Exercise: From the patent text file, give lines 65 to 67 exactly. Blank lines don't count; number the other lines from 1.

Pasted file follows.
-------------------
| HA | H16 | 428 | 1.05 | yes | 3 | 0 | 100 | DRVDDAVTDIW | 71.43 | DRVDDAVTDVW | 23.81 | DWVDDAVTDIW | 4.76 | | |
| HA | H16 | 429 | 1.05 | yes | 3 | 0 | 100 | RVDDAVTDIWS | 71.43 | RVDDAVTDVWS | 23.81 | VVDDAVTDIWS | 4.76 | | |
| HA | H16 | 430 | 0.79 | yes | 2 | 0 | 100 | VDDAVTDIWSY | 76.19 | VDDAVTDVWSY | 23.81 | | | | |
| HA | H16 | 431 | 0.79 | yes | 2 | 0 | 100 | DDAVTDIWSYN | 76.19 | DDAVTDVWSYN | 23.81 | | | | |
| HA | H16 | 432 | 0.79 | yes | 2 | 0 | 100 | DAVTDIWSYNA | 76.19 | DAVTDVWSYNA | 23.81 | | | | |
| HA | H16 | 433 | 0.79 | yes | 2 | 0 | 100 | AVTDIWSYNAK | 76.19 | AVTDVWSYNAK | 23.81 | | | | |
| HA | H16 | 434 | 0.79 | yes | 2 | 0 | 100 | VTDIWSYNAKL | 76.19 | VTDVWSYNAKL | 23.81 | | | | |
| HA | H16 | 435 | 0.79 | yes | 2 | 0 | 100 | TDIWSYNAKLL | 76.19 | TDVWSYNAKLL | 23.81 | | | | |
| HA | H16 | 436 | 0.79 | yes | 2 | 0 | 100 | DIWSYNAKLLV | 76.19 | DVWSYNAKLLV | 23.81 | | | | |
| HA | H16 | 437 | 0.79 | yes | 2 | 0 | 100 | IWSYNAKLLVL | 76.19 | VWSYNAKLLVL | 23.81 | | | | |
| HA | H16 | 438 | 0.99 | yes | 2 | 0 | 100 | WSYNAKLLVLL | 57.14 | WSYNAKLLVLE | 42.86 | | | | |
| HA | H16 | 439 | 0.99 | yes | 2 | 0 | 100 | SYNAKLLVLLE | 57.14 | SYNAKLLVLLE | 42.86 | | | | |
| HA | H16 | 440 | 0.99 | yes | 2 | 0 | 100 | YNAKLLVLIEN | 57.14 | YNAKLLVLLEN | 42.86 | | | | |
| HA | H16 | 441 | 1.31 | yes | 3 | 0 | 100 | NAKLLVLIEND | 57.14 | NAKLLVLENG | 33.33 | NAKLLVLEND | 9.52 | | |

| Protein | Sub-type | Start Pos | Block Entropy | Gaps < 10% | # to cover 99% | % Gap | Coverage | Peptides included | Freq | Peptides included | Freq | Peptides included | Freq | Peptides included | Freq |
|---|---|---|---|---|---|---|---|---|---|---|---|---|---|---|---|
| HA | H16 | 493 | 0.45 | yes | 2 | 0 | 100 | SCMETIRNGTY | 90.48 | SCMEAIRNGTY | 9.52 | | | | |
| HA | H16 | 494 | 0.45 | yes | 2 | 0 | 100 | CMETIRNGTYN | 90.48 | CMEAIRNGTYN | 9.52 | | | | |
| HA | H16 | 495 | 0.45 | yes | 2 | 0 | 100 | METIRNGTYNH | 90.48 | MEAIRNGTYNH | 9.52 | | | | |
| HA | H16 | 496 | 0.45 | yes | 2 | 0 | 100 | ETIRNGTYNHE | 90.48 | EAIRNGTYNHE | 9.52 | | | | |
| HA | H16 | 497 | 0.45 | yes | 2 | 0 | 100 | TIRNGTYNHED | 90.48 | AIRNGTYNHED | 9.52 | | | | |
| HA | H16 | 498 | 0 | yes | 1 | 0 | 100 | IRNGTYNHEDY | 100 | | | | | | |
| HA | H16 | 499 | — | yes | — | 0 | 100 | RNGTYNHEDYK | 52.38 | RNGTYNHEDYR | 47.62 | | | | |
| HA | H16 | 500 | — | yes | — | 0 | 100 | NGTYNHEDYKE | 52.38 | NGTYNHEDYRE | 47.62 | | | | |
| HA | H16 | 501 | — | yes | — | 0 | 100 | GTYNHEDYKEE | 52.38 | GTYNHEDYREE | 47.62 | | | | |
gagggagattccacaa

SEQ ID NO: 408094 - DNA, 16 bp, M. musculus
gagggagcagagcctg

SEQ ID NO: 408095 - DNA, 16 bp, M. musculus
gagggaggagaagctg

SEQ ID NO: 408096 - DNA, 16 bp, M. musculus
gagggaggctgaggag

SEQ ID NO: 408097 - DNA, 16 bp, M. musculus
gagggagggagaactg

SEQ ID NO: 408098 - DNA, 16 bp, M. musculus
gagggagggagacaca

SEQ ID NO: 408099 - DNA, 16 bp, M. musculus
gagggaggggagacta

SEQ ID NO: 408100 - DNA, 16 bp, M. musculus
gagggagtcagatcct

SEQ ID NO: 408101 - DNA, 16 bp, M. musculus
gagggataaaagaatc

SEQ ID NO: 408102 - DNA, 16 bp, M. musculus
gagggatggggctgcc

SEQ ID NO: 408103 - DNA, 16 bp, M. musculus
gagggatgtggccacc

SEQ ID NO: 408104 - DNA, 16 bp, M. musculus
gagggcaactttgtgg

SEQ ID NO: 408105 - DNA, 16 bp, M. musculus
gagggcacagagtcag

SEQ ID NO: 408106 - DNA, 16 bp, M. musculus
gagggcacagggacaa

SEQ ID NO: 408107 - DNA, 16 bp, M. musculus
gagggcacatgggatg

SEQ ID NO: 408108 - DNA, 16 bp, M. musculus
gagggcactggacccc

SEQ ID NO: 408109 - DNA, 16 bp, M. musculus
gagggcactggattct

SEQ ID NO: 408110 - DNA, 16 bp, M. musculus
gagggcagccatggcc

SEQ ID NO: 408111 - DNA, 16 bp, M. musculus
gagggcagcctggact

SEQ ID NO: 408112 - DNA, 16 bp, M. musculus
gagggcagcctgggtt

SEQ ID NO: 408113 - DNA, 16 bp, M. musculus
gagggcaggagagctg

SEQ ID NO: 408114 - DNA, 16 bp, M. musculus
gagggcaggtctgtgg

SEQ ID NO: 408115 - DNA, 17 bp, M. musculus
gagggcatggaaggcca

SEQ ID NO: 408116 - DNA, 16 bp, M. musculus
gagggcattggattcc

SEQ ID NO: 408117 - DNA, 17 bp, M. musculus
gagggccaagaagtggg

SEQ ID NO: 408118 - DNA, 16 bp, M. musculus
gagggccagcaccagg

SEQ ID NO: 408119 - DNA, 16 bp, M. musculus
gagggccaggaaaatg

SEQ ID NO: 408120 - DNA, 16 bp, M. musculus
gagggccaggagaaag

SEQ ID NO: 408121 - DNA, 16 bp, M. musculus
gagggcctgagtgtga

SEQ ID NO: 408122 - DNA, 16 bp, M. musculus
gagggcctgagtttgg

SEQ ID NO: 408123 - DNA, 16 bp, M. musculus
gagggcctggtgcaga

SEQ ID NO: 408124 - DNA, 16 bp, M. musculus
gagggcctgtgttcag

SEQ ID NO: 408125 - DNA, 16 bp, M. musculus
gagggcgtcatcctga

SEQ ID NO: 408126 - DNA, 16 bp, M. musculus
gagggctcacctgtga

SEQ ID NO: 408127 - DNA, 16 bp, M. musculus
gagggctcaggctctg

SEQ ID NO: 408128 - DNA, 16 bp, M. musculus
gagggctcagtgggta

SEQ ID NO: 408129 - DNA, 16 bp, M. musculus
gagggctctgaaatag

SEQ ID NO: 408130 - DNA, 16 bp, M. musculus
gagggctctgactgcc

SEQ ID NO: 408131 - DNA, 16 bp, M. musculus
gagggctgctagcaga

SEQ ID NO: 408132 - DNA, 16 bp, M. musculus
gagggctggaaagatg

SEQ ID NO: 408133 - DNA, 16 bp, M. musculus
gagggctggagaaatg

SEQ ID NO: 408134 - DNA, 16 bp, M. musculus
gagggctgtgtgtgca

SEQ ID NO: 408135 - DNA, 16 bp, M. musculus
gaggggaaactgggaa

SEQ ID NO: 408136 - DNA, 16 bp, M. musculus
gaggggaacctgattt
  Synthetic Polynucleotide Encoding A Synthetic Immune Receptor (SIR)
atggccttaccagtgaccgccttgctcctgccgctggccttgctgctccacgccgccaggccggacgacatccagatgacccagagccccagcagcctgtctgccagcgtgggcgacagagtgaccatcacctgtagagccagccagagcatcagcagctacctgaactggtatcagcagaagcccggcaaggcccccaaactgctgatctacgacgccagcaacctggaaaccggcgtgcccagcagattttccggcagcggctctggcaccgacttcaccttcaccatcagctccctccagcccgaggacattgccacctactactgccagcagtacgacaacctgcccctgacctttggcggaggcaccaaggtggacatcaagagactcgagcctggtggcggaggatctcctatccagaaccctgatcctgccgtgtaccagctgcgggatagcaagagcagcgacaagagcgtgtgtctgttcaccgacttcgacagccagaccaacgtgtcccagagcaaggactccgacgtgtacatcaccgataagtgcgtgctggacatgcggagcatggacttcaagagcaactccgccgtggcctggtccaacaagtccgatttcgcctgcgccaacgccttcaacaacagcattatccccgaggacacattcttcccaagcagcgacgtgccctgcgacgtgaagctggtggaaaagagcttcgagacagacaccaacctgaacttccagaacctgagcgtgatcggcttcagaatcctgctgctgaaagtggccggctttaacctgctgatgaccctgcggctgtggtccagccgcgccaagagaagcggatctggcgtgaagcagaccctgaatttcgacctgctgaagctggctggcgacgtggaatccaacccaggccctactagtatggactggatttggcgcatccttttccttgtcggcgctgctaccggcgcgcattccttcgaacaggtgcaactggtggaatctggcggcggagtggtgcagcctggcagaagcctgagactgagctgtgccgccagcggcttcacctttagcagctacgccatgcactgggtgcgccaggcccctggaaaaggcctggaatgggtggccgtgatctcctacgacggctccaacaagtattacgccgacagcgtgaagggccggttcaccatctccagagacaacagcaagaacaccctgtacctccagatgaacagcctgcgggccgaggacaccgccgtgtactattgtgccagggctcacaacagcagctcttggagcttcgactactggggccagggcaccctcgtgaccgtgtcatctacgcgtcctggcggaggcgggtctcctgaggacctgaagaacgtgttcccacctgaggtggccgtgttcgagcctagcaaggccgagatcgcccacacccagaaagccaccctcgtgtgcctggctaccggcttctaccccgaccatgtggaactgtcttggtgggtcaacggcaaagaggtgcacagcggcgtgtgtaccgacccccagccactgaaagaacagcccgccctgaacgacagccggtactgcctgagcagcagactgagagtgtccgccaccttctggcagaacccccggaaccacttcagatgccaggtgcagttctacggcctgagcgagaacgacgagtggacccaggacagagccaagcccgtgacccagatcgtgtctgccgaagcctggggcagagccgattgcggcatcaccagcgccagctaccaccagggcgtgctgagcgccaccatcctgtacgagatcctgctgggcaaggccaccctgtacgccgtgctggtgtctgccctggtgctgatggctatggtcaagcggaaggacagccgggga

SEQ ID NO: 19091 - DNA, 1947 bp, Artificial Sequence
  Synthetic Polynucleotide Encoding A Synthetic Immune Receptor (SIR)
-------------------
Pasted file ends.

SEQ ID NO: 408113 - DNA, 16 bp, M. musculus
gagggcaggagagctg

SEQ ID NO: 408114 - DNA, 16 bp, M. musculus